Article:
def timeit(func):
def wrapper(*args, **kwargs):
start = datetime.now().time()
ret = func(*args, **kwargs)
diff = int(datetime.now.time()-start_time)
print(colors["~"])
print(" Statistics")
print("_________________________________________")
print(f"""Started at: {start} Calculation time: {diff} seconds""")
print("_________________________________________")
return ret
return wrapper

@timeit
def bruteforce(hash_, characters, min_length, max_length, debug=False):
for length in range(int(min_length), int(max_length) + 1):
for attempt in product(characters, repeat=length):
attempt = "".join(attempt).encode("utf-8")
hashed = md5(attempt).hexdigest()
if hashed != hash_:
if debug:
print(f"{colors['R']}{attempt}{colors['~']}")
else:
if debug:
print(f"{colors['G']}{attempt}{colors['~']}")
print("Original hash: {hash_} Found string: {attempt}")
return attempt


Note that by adding {colors['~']} to the prints, you don't need to reset the colors after your function anymore (you should always strive to put everything back after you messed it up).

• Thanks for your answer! Would you mind explaining why *args and **kwargs are preferred over 4 predefined arguments? If I understand correctly, using *args and **kwargs allows providing an arbitrary amount of arguments, but that seems irrelevant here?). Also, please explain this ret = func(*args, **kwargs)... What is ret? Why are you returning it and then returning the wrapper? It really confuses me :P – Daniel Jun 3 '17 at 22:37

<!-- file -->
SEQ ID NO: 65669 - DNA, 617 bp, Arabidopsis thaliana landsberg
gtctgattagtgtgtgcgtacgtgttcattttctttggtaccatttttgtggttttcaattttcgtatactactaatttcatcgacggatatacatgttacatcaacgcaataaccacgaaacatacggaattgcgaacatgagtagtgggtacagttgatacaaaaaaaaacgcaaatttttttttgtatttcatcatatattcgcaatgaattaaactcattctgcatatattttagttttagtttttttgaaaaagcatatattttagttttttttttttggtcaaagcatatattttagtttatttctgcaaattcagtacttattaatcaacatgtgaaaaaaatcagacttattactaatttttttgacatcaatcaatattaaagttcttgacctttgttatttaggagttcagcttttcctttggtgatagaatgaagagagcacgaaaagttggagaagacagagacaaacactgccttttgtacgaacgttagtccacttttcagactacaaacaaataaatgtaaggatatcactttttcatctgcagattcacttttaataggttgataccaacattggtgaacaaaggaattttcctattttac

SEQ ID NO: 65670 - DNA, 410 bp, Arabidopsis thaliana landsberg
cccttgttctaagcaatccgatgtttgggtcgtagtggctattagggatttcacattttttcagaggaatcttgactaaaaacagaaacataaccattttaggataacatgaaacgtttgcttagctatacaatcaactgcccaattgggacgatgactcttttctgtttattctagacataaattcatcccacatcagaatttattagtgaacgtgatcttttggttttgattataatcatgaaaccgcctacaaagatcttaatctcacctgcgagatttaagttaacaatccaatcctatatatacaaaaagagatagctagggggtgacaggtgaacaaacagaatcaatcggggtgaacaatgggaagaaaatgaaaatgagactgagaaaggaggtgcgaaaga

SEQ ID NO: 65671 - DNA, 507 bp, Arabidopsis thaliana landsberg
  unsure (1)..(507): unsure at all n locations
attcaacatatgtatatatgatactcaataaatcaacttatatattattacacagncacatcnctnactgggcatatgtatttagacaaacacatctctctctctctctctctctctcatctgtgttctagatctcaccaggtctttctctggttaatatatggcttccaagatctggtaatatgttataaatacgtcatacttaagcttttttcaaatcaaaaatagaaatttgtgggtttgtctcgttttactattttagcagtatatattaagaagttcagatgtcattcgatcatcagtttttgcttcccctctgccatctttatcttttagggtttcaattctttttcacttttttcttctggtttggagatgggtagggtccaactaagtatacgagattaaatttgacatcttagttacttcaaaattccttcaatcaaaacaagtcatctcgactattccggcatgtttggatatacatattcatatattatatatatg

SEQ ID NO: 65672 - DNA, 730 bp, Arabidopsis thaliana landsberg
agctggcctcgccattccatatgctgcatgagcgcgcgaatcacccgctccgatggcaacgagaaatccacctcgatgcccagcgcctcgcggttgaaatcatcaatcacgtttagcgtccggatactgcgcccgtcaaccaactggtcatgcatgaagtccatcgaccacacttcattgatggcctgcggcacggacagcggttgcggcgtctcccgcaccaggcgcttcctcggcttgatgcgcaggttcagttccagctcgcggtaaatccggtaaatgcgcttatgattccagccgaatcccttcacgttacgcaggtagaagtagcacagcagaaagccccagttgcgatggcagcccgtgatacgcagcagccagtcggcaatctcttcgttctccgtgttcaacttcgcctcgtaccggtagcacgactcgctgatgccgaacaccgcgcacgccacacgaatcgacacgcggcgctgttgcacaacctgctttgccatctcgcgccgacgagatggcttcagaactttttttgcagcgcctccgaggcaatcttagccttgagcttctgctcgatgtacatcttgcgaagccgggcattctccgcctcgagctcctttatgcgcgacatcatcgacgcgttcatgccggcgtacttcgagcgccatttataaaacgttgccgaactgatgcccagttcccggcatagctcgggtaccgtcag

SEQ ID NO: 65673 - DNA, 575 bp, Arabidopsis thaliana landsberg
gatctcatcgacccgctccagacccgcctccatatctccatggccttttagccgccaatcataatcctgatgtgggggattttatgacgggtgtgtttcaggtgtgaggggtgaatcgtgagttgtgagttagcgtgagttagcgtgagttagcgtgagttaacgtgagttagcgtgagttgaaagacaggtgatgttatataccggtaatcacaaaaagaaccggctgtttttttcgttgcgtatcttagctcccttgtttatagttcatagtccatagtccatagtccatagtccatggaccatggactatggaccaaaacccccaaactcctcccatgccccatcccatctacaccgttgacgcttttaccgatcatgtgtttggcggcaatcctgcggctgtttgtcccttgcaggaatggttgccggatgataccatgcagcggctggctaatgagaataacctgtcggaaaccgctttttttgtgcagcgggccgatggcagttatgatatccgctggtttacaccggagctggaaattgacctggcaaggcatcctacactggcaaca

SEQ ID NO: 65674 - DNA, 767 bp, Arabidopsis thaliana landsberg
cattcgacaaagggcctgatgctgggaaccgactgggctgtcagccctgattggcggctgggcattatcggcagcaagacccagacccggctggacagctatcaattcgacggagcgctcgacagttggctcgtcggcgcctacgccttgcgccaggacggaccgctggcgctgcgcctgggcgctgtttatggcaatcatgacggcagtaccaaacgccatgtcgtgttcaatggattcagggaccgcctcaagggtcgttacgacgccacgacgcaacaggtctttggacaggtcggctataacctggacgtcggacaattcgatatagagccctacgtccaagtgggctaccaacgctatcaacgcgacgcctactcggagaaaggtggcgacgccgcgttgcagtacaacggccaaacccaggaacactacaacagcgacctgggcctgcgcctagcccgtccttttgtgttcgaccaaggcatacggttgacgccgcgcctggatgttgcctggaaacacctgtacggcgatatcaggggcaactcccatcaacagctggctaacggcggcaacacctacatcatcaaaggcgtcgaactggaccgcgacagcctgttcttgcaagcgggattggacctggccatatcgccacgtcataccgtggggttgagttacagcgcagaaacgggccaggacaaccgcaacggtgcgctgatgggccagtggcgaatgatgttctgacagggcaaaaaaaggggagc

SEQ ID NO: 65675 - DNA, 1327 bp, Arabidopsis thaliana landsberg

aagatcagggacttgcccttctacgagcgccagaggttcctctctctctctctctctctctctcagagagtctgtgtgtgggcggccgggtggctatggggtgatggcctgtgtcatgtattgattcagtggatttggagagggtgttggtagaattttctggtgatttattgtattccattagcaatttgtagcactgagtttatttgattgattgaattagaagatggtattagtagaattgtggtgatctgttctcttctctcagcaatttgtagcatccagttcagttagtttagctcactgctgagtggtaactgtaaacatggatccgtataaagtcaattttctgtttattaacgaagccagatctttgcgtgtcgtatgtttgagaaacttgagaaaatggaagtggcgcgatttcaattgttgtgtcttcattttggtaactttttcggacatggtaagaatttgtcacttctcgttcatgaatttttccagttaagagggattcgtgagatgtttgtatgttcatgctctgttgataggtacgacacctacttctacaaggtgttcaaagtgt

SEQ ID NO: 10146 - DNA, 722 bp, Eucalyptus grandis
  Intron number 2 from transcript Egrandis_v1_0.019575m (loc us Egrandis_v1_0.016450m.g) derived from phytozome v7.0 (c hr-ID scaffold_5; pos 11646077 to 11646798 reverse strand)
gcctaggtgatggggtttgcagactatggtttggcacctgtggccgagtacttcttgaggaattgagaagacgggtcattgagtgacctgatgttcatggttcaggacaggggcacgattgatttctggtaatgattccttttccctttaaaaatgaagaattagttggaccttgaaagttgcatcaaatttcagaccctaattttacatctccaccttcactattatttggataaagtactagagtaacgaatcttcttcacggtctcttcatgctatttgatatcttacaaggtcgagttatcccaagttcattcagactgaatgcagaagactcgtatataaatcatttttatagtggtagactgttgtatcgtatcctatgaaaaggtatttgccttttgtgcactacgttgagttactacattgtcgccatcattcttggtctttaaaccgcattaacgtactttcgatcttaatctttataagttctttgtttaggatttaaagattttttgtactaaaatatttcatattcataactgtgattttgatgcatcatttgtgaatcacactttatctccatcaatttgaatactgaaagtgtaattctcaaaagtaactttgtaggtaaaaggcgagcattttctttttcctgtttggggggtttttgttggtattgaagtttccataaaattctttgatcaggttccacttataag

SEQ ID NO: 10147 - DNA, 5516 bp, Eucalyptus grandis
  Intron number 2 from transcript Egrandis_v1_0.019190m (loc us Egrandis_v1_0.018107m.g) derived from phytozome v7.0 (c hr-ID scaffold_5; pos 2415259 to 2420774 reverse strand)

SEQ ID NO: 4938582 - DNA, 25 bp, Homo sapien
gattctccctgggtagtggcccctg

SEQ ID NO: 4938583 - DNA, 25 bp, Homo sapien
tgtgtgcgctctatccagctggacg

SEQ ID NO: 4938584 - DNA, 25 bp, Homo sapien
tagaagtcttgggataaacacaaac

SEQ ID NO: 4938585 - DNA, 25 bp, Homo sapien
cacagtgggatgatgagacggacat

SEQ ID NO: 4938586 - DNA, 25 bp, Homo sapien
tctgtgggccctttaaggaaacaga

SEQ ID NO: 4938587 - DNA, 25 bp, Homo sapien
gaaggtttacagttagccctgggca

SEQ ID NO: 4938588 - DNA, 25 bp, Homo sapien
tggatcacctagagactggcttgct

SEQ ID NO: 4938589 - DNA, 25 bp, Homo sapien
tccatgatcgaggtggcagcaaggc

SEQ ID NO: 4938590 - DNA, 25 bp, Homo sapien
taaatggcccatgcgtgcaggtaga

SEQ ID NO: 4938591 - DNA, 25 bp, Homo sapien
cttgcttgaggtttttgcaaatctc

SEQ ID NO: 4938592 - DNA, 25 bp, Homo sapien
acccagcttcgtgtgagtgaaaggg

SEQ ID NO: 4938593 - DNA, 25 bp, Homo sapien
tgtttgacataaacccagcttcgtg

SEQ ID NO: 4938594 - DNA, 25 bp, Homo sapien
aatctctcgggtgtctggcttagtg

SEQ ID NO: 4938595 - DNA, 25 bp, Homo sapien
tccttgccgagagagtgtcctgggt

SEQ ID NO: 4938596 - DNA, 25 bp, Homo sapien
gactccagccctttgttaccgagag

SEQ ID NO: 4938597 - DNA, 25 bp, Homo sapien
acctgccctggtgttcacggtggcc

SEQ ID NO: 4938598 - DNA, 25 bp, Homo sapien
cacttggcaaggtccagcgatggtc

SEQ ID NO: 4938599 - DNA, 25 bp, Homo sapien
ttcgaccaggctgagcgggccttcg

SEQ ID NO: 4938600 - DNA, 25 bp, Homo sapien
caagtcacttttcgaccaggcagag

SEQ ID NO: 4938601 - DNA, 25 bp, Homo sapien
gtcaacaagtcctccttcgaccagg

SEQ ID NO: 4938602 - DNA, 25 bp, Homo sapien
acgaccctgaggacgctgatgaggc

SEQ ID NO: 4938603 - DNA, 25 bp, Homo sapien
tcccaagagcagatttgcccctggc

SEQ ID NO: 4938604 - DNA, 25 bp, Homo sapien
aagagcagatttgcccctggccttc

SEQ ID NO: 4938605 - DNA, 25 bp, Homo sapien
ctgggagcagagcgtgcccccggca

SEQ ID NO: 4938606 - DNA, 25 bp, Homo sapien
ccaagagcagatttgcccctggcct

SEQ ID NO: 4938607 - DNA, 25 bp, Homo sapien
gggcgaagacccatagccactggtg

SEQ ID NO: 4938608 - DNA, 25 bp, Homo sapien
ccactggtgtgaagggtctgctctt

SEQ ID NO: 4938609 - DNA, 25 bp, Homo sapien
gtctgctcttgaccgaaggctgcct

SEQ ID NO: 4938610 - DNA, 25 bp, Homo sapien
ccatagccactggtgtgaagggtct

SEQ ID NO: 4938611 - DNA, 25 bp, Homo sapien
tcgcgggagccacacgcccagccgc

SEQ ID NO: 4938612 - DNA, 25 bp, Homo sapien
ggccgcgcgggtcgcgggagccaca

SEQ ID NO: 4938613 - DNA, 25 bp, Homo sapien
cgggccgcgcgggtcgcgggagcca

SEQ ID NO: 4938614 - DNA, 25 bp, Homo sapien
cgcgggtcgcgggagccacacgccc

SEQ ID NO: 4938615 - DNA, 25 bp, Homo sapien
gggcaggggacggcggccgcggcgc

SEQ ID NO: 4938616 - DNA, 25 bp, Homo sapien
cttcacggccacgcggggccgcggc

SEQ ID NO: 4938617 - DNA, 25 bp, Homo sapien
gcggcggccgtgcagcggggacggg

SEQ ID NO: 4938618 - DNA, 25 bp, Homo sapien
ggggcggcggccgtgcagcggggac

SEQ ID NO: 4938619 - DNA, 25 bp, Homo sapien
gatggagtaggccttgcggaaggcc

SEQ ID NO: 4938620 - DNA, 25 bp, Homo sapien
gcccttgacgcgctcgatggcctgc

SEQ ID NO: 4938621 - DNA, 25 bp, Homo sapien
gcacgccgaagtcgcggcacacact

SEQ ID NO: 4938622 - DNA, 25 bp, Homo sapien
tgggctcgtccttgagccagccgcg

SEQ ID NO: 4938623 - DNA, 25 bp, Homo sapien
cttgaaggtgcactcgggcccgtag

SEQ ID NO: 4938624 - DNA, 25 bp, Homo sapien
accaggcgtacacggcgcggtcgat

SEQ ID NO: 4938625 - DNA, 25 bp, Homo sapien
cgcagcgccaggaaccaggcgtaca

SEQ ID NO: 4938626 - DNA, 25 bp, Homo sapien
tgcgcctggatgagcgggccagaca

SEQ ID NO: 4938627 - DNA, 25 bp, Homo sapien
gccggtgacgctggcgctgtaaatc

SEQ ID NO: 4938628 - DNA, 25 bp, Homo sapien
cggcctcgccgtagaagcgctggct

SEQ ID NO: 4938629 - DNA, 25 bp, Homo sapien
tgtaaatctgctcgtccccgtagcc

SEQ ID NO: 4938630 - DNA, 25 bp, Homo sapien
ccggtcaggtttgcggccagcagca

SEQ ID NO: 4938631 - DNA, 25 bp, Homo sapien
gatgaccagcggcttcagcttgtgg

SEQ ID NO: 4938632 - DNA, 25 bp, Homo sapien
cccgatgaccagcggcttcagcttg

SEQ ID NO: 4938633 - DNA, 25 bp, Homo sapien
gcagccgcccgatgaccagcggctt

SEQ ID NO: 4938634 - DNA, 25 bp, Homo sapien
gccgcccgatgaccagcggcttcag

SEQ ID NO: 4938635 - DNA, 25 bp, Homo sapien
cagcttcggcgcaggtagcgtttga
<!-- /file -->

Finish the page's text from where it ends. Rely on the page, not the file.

• @Coal_ First you should read that link about decorators. I chose to use *args, **kwargs here to make the decorator reusable. You can use it with any function accepting any number of arguments and keyword arguments. ret holds the return value of the decorated function. I first print the timing statistics and then​ return whatever the function returned. – Graipher Jun 3 '17 at 23:17

1) You don't need to pass minlength and maxlength in your bruteforce function since you making it available at module level.

2) Also there are unwanted new-lines.

3) Also dict formatting can be improved a lot, this will help in readability of your code. Try using any online dict-formatter.

4) You can use datetime.now().time() instead of using a separate library time.

5) If possible avoid using too many print statements or atleast do that with proper messaging rather than any random string like ~~~~~~ you are using.

• Thank you for your response. Can you explain what you mean by 2)? I'm not sure how to improve whitespace since it would only make the code less readable. – Daniel Jun 3 '17 at 7:51
• Like in your function bruteforce after your definition starts there is a new line and then this start = datetime.now(), so that new-line is not required. Actually that's a personal choice. It's totally upto you. Only reason I was saying that was, I got this advice for the same. – Nikhil Rajawat Jun 3 '17 at 8:13